The pictures below are some examples of how to think through dates for scanned images, as those dates are shown in Lightroom Classic. I set the Metadata panel view to Default; if your Default view looks different, that’s probably because I customized how fields are displayed in that view. (After taking these screen shots, I decided to customize it again to move the Metadata Date down in the list, to group it with the other dates.)

 

1-Dates-digital-camera-vs-scan.jpg

 

For the digital camera image (left):

Date Time is like the Date Modified date in the computer file system (in our case macOS Finder), when the file was last changed. Not directly related to when the photo was taken, it’s only about the file containing the image.
Capture Date/Time is like the Date Created date in a computer file system; for example, when you choose File > New in a word processor and choose File > Save As, creating a file that never existed before. Again — this date is about the file, not the image in it. For digital camera images this is typically set to be the same as Date Time Original.
Date Time Original is when the photo was taken, and is not changed by normal edits. Because this is about the image, not the file containing it.
Date Time Digitized is when the photo was rendered; for digital cameras of course this is the same moment it was captured. For scanning software that supports this field, it is the time of scan.

 

For the scanned image (right):
Date Time Original and Date Time Digitized are empty because many common scanning applications don’t record them, because they obviously can’t automatically know when the original film frame was shot. That’s why a film frame I shot in 1985 gets file dates from 2003, when I scanned it. A flatbed scanner can’t even assume it’s scanning a photo.

 

Next, the difference betwen (most) scanner metadata, and scanner metadata enhanced for photos:

 

2-Scanned-image-dates-without-and-with-Date-Time-Original.jpg

 

In the picture above, the left image is from an image scanned with typical scanning software. It records a scan with OS file system information, but no photographic metadata.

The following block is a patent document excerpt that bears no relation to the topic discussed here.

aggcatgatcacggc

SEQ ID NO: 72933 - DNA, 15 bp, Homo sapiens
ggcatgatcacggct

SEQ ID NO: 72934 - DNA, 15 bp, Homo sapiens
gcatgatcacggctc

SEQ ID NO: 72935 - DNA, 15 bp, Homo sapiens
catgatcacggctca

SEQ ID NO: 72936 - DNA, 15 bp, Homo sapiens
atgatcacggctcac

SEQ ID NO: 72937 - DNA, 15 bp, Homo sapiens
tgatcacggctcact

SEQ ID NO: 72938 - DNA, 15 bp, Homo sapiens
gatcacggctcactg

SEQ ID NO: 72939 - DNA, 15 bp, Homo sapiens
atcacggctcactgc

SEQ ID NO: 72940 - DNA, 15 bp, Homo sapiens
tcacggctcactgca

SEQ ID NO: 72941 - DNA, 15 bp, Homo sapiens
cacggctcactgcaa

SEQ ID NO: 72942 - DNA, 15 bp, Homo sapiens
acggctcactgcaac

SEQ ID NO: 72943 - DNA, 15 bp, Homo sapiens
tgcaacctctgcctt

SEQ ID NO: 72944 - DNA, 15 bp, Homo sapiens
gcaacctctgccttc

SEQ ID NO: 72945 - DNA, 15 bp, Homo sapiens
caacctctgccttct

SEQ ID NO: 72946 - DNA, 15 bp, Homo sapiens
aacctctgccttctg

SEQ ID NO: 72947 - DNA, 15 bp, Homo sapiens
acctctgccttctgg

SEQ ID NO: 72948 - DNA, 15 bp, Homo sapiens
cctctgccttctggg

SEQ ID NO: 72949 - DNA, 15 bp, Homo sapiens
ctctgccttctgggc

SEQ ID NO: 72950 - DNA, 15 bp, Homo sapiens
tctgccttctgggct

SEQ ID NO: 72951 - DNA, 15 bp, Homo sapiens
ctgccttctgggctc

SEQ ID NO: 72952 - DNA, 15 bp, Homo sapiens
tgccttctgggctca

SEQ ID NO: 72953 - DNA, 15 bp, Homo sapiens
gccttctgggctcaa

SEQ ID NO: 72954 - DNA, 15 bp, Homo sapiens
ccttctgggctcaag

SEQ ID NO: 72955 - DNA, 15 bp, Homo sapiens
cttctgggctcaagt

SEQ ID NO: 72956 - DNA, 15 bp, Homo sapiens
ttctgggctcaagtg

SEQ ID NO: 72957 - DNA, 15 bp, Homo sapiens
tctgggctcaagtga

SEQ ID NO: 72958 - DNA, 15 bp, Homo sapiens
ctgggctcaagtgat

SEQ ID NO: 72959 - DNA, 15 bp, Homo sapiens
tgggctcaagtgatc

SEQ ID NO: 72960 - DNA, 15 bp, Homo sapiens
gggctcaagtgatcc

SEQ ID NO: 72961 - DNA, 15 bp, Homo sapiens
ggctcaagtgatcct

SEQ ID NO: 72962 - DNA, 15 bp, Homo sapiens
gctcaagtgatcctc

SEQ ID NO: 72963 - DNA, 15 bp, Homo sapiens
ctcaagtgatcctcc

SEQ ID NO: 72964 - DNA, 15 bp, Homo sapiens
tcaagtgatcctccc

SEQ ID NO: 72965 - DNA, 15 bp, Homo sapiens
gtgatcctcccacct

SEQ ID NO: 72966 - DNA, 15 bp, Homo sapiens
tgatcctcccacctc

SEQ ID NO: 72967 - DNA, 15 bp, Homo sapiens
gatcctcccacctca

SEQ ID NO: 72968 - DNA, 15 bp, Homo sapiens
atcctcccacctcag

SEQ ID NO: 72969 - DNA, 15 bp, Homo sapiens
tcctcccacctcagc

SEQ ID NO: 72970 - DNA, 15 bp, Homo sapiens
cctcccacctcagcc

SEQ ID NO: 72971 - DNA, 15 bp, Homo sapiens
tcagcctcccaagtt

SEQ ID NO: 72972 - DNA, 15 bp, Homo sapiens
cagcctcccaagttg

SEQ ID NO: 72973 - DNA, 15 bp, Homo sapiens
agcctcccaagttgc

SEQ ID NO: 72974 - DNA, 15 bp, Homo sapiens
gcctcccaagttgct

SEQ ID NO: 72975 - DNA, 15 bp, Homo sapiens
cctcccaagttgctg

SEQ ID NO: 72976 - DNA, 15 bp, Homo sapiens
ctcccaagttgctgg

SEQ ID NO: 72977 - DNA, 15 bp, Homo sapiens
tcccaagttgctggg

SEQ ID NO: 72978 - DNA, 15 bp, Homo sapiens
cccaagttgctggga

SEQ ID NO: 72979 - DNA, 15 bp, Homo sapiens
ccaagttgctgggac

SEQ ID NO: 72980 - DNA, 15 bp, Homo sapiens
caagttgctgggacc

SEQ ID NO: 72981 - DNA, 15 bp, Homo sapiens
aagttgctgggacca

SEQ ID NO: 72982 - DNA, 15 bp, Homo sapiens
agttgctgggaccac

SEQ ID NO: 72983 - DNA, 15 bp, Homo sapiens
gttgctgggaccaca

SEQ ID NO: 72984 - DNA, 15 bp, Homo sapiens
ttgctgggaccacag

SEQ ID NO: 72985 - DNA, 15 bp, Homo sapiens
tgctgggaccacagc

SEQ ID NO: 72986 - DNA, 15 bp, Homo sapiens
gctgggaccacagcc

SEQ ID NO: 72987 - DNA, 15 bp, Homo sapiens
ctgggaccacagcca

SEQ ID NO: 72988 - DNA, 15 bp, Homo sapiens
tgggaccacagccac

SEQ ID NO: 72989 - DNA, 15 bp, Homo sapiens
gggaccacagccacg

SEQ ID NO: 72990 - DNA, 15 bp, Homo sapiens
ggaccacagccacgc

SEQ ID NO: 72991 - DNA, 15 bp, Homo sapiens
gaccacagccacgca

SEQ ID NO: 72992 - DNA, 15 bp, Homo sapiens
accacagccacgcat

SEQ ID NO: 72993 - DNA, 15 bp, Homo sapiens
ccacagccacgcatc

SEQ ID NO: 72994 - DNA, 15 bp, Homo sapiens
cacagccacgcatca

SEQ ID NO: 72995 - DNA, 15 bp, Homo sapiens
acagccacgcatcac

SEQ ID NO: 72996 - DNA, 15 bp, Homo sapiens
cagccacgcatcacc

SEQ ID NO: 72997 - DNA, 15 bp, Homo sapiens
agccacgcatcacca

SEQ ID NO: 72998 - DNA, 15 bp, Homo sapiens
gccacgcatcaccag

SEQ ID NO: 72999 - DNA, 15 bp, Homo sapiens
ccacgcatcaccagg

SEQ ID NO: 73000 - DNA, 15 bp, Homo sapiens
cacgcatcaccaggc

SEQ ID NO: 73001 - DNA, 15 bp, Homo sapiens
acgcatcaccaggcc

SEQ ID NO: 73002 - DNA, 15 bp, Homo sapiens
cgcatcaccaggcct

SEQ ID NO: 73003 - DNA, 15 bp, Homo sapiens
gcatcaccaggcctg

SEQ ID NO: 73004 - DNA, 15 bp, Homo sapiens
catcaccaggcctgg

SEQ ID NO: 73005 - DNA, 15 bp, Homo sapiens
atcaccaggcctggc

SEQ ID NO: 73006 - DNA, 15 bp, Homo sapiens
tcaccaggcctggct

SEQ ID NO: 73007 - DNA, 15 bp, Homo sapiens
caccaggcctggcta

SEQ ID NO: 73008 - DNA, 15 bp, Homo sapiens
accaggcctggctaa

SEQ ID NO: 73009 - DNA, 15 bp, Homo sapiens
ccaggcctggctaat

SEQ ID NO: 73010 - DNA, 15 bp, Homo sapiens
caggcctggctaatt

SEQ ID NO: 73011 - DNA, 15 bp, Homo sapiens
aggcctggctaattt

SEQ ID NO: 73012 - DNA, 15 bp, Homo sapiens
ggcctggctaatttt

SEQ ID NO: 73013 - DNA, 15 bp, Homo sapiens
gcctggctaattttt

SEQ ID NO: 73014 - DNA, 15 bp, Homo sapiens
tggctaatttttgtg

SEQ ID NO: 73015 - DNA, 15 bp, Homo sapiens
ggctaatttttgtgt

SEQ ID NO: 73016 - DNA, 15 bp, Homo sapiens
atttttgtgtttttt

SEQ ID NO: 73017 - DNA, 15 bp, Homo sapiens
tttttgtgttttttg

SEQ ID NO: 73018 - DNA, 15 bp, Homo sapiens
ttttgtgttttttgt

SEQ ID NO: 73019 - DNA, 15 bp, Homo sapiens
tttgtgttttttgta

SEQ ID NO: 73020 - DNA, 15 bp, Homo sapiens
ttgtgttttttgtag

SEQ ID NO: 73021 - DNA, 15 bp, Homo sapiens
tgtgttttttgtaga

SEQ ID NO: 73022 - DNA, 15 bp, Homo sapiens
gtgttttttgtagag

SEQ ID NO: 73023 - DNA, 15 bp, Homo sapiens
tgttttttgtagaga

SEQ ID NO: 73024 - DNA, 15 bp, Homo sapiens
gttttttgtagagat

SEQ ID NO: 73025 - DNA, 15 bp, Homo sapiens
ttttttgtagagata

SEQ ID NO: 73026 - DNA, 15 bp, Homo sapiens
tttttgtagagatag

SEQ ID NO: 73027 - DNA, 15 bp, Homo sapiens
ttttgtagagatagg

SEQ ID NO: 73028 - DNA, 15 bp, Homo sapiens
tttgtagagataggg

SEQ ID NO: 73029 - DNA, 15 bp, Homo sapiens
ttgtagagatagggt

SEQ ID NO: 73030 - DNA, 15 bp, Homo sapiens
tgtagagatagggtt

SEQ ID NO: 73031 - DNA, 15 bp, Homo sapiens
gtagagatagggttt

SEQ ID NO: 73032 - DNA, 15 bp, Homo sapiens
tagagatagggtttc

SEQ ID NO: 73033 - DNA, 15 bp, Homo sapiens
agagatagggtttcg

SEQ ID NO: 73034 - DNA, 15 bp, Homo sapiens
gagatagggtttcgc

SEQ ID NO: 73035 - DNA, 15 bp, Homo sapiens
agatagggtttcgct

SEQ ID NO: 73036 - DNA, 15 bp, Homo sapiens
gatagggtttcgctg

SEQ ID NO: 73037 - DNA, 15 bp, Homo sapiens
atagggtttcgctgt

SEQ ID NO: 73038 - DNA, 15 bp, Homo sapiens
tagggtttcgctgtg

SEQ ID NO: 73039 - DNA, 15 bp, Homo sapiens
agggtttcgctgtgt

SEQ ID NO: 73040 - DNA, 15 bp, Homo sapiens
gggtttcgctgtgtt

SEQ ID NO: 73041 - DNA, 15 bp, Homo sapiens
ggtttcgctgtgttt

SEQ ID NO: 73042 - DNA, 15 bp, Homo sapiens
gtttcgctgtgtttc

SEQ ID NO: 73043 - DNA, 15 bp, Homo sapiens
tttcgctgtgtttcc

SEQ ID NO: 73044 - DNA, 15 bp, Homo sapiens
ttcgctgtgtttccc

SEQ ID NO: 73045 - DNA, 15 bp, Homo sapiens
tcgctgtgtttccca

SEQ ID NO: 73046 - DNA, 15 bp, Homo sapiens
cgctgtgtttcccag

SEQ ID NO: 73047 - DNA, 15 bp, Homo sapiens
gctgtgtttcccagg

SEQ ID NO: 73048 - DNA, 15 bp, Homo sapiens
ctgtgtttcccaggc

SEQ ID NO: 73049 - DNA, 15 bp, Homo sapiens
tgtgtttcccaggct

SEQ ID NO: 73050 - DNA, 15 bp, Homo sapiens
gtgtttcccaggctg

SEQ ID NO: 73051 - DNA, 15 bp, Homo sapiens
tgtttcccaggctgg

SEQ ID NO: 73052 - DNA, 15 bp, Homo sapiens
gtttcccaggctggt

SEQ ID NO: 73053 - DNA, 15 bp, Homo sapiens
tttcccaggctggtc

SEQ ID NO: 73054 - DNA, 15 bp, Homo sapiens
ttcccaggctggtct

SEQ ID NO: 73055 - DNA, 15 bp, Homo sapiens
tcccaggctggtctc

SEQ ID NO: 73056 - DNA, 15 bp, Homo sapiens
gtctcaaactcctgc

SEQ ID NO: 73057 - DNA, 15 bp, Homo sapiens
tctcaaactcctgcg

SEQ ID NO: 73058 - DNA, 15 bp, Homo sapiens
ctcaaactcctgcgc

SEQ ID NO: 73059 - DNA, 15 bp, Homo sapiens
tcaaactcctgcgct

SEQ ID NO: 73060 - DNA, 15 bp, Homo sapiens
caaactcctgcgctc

The right image is how I scan film. My scanning software (VueScan) has a Date field, and if I fill it in before saving a scan, VueScan embeds the date I entered into Date Time Original, so that date appears in applications such as Lightroom Classic as if that photo was taken with a digital camera, and it can now be sorted by date with digital camera images. After capture, Date Time Original should never change, which is important because other date metadata fields can change, especially the fields recording modification dates.

 

Notice the differences between the dates on the right and what they mean:

Capture Date/Time. When the scan was written to a new image file in the computer.

Date Time Original. When the photo was taken in the film camera, entered by me.

Date Time Digitized. When the film was scanned.

If I create a new file from that image file (e.g. if it’s open in Photoshop and I choose File > Save As), Capture Date/Time changes because that is an OS file creation date, but the other two dates don’t change, because you wouldn’t want them to.

 

Of course, many scanning apps don’t let you add a date that writes to Date Time Original. Or, maybe I forgot to fill in the date in VueScan when scanning, or left the wrong date in the field when scanning images from a later date. So I need to change Date Time Original later in the original scan file. One way to do that is in Lightroom Classic choose Metadata > Edit Capture Time, but if you want that date to change in the original file you next choose Metadata > Save Metadata to File. You can also use the plug-in Capture Time to Exif, which you can read about in this article:
How do I change the photo dates on scanned / photographed images?

 

Metadata Date changes only when the metadata is actually written back out to the original file (for non-camera raw images) or XMP metadata sidecar file (for camera raw images). Simply making an edit doesn’t change the field, unless you enabled the Automatically Write Changes into XMP setting.

 

3-Scan-with-Metadata-Date-added.jpg

 

Notice that there are five date/time fields with three different values, which are all true. If this file was opened in an image editor such as Photoshop and saved as a new file with File > Save As, then Capture Date/Time (which is Date Created in macOS) would change, so that one image file might then store four different valid date/times in five metadata fields.

 

So, again: If you want to preserve the date that the original photo was taken, Metadata Date is absolutely not the field you should be looking at. You want to add Date Time Original metadata to the scan.